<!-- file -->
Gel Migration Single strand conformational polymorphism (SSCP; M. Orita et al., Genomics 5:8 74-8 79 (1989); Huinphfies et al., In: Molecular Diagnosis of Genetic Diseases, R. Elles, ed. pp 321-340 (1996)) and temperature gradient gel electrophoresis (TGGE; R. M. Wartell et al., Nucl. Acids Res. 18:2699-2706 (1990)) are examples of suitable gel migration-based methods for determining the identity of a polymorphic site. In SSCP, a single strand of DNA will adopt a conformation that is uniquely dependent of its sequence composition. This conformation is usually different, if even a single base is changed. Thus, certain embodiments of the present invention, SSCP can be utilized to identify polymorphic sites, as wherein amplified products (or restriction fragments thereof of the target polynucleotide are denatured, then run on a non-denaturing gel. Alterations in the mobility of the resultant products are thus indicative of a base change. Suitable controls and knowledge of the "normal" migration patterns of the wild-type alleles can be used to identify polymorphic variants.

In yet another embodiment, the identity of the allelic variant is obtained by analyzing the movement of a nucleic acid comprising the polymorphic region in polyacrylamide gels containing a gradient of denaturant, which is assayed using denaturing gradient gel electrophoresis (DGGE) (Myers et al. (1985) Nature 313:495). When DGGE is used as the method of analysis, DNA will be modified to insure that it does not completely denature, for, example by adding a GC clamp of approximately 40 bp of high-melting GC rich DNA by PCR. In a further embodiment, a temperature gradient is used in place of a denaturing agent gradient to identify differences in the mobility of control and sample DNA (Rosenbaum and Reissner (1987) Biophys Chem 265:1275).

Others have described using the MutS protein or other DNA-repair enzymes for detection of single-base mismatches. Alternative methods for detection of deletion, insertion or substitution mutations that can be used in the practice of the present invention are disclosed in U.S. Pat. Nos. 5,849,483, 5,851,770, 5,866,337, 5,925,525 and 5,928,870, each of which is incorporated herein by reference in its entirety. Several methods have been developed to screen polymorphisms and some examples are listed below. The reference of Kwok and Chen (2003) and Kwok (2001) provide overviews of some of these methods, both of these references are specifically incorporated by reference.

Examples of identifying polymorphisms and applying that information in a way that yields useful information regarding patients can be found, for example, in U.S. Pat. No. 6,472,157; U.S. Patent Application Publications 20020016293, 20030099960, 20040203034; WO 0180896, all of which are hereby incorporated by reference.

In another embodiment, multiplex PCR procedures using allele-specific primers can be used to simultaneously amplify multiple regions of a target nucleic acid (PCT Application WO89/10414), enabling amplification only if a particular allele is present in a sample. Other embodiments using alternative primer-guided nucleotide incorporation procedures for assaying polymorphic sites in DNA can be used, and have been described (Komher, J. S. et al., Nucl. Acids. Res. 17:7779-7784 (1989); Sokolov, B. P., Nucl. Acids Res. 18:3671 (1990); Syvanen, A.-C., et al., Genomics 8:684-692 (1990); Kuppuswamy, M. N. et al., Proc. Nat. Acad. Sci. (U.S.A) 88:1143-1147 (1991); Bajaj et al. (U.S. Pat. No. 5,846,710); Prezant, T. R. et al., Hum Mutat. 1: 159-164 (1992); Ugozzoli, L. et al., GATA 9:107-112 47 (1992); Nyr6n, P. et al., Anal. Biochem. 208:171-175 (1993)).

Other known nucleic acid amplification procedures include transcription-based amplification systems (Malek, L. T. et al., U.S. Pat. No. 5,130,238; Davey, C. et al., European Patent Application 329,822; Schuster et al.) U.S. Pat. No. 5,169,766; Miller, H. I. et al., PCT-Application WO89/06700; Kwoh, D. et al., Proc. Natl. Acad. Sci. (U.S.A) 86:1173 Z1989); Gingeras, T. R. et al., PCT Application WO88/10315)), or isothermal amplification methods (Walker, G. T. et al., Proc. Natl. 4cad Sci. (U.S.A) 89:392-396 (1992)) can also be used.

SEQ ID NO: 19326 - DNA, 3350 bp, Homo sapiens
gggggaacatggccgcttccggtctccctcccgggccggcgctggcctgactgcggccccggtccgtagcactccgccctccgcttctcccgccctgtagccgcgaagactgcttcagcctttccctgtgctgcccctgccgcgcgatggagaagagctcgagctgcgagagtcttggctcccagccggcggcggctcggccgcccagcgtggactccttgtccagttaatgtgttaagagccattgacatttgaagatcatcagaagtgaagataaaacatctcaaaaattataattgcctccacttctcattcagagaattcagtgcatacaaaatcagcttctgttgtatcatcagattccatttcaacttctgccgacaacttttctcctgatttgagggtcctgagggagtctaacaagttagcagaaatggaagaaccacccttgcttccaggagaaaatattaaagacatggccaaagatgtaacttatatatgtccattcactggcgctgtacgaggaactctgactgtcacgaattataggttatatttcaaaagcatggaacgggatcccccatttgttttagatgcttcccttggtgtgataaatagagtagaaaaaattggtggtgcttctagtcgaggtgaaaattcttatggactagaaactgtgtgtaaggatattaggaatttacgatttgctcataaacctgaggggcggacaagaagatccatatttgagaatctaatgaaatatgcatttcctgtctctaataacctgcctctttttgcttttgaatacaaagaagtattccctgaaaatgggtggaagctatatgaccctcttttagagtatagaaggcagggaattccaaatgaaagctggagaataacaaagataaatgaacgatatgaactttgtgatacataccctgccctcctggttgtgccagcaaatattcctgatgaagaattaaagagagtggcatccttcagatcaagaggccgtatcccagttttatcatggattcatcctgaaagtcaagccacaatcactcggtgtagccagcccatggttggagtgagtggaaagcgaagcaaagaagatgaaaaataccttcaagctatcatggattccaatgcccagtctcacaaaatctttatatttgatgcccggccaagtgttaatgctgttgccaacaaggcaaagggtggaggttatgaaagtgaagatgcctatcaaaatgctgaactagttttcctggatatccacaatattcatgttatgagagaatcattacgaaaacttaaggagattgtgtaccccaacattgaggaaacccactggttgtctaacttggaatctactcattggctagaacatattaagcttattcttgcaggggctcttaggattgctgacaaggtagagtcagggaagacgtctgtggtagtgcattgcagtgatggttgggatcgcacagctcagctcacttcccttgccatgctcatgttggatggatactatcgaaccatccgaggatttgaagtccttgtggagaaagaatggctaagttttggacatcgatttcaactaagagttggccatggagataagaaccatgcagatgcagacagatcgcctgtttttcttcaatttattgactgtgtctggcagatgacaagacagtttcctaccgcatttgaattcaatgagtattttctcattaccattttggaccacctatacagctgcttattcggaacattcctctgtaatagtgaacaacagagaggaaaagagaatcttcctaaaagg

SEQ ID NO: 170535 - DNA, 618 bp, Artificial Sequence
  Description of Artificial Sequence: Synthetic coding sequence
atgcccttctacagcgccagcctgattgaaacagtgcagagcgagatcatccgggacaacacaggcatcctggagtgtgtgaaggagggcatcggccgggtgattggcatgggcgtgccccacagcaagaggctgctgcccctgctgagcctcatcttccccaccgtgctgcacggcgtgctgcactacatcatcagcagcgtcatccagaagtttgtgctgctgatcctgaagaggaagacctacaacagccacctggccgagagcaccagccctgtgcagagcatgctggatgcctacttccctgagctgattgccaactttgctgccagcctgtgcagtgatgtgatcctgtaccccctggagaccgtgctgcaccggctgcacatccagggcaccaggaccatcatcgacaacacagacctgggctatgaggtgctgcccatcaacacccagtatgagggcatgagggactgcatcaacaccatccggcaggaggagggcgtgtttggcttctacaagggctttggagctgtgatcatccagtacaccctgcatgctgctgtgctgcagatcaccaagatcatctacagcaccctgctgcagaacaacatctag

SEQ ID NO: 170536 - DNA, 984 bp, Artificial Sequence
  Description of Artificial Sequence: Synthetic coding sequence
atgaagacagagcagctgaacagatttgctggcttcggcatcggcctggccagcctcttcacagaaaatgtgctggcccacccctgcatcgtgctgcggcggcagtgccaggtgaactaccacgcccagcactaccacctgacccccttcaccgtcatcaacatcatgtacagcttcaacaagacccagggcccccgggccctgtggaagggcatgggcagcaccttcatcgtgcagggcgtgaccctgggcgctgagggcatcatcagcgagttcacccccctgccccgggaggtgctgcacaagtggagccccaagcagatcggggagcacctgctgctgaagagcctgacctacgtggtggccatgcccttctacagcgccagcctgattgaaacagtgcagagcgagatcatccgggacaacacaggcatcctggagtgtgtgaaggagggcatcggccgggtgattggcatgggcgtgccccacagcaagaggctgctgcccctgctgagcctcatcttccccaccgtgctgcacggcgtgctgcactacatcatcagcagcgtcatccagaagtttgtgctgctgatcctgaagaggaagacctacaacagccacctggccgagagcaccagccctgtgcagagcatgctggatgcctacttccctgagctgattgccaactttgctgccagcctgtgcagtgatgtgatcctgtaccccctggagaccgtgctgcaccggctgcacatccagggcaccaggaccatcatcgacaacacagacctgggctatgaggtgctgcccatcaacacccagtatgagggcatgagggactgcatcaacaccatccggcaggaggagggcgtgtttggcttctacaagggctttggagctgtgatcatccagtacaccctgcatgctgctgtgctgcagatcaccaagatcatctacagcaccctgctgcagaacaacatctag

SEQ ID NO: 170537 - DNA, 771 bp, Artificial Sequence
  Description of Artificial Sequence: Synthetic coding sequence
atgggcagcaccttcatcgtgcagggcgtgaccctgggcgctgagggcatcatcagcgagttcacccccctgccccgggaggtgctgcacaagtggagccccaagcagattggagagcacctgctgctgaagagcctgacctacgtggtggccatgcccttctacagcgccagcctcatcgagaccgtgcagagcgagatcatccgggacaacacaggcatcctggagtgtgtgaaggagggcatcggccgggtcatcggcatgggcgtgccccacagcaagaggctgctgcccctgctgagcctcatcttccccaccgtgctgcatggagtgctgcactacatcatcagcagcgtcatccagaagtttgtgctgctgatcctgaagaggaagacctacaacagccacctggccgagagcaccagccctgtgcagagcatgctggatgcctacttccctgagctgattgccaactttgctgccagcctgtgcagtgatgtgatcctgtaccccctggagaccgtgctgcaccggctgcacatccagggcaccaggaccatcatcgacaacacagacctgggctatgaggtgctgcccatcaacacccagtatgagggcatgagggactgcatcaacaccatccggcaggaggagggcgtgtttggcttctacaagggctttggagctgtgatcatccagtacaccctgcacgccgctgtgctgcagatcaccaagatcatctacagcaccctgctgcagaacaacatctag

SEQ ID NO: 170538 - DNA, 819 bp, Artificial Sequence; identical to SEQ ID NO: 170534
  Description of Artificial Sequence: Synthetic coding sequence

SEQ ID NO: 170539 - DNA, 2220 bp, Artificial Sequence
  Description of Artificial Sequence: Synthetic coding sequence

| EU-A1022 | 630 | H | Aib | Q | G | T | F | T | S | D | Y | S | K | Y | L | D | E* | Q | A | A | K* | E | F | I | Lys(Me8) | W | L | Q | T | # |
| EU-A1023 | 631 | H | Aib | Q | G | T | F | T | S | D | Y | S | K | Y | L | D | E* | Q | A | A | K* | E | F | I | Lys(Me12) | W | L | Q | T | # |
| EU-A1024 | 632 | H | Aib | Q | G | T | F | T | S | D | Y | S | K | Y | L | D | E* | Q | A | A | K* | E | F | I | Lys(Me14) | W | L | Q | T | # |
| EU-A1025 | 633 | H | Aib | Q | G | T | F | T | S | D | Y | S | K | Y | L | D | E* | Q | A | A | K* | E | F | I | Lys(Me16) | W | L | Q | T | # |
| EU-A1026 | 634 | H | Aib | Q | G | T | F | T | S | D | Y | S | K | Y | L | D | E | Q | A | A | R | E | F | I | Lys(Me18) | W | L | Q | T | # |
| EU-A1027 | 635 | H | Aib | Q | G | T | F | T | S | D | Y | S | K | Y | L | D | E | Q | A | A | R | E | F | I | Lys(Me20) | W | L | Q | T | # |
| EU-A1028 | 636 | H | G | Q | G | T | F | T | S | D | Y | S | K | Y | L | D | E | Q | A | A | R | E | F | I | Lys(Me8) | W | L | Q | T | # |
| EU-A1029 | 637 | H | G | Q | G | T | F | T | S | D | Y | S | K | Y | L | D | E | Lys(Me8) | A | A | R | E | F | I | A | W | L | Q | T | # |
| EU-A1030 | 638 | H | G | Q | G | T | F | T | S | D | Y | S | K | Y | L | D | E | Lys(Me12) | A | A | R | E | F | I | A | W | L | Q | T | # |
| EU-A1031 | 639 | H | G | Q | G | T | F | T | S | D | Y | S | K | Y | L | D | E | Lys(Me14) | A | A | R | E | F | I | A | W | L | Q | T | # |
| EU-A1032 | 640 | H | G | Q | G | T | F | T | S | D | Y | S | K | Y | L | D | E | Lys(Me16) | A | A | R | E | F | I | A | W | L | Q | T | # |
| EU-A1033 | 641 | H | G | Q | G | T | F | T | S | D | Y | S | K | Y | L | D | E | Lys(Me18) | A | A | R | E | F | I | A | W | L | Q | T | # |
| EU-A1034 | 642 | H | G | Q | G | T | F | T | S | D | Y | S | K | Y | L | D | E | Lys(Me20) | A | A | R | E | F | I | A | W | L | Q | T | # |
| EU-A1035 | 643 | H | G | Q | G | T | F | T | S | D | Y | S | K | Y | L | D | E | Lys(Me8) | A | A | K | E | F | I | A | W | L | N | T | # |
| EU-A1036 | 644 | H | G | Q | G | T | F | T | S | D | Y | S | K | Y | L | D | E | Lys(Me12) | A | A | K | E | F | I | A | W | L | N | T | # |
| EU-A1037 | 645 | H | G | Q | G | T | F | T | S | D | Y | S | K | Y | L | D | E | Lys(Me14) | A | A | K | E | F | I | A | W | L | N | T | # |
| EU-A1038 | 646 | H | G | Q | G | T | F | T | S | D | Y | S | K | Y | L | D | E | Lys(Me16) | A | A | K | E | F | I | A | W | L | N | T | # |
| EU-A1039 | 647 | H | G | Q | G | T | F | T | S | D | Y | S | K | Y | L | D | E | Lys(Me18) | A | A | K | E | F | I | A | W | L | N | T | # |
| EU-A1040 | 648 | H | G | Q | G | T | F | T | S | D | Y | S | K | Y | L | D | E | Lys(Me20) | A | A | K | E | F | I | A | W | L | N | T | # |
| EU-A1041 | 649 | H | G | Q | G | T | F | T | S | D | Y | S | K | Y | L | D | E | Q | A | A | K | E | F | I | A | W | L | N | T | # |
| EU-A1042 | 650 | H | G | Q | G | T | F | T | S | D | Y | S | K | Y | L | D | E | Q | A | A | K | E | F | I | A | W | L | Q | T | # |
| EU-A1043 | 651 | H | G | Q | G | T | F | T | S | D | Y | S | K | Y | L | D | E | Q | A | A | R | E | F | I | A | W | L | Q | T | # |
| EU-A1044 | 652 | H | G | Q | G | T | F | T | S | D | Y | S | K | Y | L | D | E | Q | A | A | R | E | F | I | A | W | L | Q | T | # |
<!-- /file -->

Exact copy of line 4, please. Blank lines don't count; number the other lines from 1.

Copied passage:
Examples of identifying polymorphisms and applying that information in a way that yields useful information regarding patients can be found, for example, in U.S. Pat. No. 6,472,157; U.S. Patent Application Publications 20020016293, 20030099960, 20040203034; WO 0180896, all of which are hereby incorporated by reference.